The last thing you expect to find in the Channel Tunnel

The construction of the Channel Tunnel was a huge project in many respects. It would stretch across 50km under the sea. It would provide a vital connection between the UK and mainland Europe. It would be a cross-industry, multi-business effort. And, at the edge of the Thames, the tunnel’s preparatory work would uncover the remains of an early Stone Age elephant: the palaeoloxodon antiquus, which came in at double the size of today’s biggest African elephants.

With respect to our project, the Channel Tunnel effort would be equally enormous. With gas mains and sludge pipelines criss-crossing the tunnel’s future route, we needed to clear a path for construction to begin. A big path. In fact, our advance utility works would cover a 23km stretch of land between Purfleet and Barking.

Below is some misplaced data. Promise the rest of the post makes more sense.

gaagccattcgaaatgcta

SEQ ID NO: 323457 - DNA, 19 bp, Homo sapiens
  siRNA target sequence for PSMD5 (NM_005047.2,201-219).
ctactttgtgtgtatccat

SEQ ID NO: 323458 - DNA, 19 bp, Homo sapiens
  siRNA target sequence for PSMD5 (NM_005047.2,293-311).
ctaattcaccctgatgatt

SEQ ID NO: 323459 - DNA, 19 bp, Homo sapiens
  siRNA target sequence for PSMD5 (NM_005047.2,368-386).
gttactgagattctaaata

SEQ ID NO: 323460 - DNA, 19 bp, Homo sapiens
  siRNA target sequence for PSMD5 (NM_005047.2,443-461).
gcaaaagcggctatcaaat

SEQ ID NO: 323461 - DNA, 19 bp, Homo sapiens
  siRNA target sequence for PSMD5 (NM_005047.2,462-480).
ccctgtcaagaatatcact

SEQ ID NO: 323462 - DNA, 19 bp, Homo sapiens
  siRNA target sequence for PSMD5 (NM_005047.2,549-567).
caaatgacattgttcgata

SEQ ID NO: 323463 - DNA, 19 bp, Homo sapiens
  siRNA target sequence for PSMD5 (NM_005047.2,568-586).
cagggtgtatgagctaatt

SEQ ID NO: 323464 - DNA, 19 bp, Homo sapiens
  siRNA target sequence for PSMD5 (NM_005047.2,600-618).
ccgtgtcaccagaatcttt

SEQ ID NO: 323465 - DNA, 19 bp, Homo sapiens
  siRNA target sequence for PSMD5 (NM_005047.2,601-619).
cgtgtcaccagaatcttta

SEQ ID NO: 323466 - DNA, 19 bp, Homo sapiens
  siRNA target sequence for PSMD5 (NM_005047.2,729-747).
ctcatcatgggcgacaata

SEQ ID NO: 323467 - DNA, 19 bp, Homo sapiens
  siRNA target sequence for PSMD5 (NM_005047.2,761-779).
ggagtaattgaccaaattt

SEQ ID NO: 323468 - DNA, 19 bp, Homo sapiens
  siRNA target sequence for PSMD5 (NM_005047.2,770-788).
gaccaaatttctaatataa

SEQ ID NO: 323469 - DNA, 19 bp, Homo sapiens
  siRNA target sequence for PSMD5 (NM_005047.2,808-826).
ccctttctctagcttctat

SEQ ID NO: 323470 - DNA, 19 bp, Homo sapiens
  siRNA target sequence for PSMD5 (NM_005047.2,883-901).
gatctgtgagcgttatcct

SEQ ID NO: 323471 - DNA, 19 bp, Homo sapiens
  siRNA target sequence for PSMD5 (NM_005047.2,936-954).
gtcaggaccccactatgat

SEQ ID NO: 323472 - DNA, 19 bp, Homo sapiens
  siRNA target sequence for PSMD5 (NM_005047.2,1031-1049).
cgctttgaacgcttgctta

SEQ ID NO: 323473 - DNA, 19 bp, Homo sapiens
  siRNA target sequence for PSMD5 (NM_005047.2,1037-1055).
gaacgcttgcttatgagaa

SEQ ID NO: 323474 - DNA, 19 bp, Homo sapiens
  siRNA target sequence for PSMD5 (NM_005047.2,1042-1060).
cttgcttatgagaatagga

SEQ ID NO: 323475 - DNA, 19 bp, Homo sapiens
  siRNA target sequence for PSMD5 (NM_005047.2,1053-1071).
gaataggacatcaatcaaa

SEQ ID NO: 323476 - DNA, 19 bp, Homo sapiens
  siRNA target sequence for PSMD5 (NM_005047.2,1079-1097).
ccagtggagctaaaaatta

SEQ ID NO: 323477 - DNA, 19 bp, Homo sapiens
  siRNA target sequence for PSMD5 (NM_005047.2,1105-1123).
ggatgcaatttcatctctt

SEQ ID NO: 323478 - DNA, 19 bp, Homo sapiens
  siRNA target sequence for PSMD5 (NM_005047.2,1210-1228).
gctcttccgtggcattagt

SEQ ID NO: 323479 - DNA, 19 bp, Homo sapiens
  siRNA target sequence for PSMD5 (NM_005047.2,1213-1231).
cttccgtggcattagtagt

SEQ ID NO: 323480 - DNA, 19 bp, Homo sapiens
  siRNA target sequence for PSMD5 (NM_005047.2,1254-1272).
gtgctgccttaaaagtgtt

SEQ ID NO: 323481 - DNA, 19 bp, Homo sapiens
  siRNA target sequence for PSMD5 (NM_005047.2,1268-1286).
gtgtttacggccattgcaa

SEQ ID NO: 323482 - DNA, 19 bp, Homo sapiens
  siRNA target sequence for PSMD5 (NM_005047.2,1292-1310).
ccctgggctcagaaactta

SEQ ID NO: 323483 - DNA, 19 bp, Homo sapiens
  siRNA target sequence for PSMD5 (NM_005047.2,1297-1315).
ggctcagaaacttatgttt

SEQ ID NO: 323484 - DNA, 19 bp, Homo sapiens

But gas mains and pipelines weren’t the only obstacle. At the same time, we’d also need to reroute pipelines for land owned by motor company Ford, as well as protecting Rainham Marshes; a scientific interest site owned by the RSPB. Our work would even intersect the Tilbury to Southend railway line at three different points.

Together, we worked with stakeholders and with the railway authorities to make sure we considered every angle. We pulled on all kinds of experts within our business too, using specialist methods like pipejacking and microtunneling to ensure minimal disruption above us - for both wildlife and train timetables.

We take pride in what we do, and the final result here is no exception. From moving of gas mains and sludge mains to dismantling, relocating and rebuilding above-ground installations, we did it all with our trademark care and attention for the community, for affected businesses, and for the environment around us. Stone Age elephants included, naturally.

Woman with pickaxe